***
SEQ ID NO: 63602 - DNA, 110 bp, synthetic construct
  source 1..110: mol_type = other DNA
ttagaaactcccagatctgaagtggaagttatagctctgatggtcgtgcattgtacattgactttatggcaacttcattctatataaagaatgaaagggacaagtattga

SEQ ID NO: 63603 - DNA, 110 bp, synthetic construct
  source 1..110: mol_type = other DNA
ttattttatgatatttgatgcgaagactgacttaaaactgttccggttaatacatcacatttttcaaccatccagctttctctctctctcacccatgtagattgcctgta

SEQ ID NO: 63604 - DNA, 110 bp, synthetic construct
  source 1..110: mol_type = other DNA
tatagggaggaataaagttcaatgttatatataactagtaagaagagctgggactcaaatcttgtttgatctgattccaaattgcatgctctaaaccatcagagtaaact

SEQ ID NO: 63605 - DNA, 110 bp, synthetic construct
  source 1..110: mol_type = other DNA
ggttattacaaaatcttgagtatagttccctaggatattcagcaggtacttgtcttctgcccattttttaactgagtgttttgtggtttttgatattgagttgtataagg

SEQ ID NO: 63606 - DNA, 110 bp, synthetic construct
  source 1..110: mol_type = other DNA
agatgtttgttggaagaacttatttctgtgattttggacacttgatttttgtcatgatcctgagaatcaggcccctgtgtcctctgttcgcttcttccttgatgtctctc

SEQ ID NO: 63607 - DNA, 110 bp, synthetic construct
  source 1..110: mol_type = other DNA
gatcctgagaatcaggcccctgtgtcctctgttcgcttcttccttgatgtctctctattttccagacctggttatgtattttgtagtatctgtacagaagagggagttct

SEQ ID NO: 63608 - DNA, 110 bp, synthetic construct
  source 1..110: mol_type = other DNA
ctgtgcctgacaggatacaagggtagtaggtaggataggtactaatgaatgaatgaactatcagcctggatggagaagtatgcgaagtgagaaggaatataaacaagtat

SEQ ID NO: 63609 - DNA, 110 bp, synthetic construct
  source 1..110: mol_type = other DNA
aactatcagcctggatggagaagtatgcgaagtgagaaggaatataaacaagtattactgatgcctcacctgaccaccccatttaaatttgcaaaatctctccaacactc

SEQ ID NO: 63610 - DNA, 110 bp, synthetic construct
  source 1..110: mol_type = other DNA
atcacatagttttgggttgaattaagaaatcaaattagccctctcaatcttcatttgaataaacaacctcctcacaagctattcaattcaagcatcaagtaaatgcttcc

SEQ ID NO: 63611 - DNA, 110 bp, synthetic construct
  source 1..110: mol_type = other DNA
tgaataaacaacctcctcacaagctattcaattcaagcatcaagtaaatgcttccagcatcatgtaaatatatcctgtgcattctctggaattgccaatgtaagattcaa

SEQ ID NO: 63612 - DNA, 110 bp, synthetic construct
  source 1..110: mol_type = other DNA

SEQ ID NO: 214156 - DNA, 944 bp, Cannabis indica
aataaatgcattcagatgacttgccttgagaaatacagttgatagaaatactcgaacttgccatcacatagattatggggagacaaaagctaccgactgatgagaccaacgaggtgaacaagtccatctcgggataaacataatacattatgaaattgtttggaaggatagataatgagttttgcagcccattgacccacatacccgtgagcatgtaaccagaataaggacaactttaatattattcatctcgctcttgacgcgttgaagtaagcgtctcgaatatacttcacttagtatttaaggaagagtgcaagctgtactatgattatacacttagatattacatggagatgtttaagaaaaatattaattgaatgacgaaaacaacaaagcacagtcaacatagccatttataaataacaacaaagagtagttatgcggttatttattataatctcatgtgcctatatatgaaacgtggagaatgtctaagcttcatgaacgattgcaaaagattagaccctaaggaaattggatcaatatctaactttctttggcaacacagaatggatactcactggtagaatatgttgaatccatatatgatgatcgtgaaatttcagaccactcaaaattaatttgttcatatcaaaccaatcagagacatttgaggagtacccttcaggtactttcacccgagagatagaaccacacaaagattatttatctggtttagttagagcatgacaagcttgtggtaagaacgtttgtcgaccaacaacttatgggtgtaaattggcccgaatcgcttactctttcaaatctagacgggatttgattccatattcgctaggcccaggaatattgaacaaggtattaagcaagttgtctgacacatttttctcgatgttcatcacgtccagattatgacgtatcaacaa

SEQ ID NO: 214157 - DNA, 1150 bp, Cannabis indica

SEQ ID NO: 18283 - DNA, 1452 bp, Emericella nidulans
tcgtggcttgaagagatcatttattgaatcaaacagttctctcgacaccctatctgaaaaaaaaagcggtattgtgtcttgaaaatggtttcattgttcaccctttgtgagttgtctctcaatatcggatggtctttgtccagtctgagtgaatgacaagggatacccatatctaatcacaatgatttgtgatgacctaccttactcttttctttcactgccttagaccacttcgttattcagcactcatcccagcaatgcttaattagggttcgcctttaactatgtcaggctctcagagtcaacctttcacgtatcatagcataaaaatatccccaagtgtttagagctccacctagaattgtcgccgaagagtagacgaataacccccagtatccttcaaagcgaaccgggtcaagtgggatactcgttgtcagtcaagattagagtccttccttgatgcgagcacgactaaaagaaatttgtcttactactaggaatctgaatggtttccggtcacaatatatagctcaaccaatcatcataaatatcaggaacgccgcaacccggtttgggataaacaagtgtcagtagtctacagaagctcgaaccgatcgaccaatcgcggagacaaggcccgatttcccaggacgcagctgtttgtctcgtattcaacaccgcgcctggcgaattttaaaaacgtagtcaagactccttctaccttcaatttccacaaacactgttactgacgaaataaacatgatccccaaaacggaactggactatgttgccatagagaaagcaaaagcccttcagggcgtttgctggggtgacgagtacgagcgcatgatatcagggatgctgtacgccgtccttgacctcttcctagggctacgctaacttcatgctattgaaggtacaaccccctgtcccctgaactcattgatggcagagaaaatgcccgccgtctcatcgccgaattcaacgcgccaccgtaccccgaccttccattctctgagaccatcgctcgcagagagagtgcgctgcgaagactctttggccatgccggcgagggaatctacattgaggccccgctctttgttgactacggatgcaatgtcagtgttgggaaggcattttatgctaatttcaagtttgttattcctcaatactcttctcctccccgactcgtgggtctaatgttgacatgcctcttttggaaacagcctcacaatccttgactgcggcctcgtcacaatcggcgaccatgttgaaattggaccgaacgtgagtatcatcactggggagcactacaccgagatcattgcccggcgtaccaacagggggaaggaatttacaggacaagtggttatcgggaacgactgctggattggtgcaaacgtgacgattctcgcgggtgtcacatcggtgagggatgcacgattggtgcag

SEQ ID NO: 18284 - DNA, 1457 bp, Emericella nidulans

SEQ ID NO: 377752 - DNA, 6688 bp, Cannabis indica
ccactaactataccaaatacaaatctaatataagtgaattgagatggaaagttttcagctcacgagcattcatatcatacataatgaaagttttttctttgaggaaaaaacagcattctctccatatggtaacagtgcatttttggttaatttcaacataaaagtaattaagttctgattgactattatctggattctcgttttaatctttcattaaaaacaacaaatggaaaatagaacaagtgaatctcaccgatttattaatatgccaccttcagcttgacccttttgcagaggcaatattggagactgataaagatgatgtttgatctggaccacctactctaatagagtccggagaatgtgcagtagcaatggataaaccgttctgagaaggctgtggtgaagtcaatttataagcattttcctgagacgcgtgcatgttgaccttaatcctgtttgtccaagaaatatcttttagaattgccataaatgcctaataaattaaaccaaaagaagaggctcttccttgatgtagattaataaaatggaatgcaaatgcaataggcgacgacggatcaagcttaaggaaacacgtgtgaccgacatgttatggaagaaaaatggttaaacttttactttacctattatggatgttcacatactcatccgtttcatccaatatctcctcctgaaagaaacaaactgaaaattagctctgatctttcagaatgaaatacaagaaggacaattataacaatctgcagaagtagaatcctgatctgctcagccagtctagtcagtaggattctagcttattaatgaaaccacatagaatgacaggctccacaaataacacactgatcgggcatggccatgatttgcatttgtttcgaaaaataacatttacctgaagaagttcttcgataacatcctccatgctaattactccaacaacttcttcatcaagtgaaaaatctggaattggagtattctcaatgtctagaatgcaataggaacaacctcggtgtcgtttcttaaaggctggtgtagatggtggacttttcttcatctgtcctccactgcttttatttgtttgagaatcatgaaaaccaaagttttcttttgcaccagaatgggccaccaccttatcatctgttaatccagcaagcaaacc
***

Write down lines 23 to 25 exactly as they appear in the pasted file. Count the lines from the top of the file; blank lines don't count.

  source 1..110: mol_type = other DNA
aactatcagcctggatggagaagtatgcgaagtgagaaggaatataaacaagtattactgatgcctcacctgaccaccccatttaaatttgcaaaatctctccaacactc

SEQ ID NO: 63610 - DNA, 110 bp, synthetic construct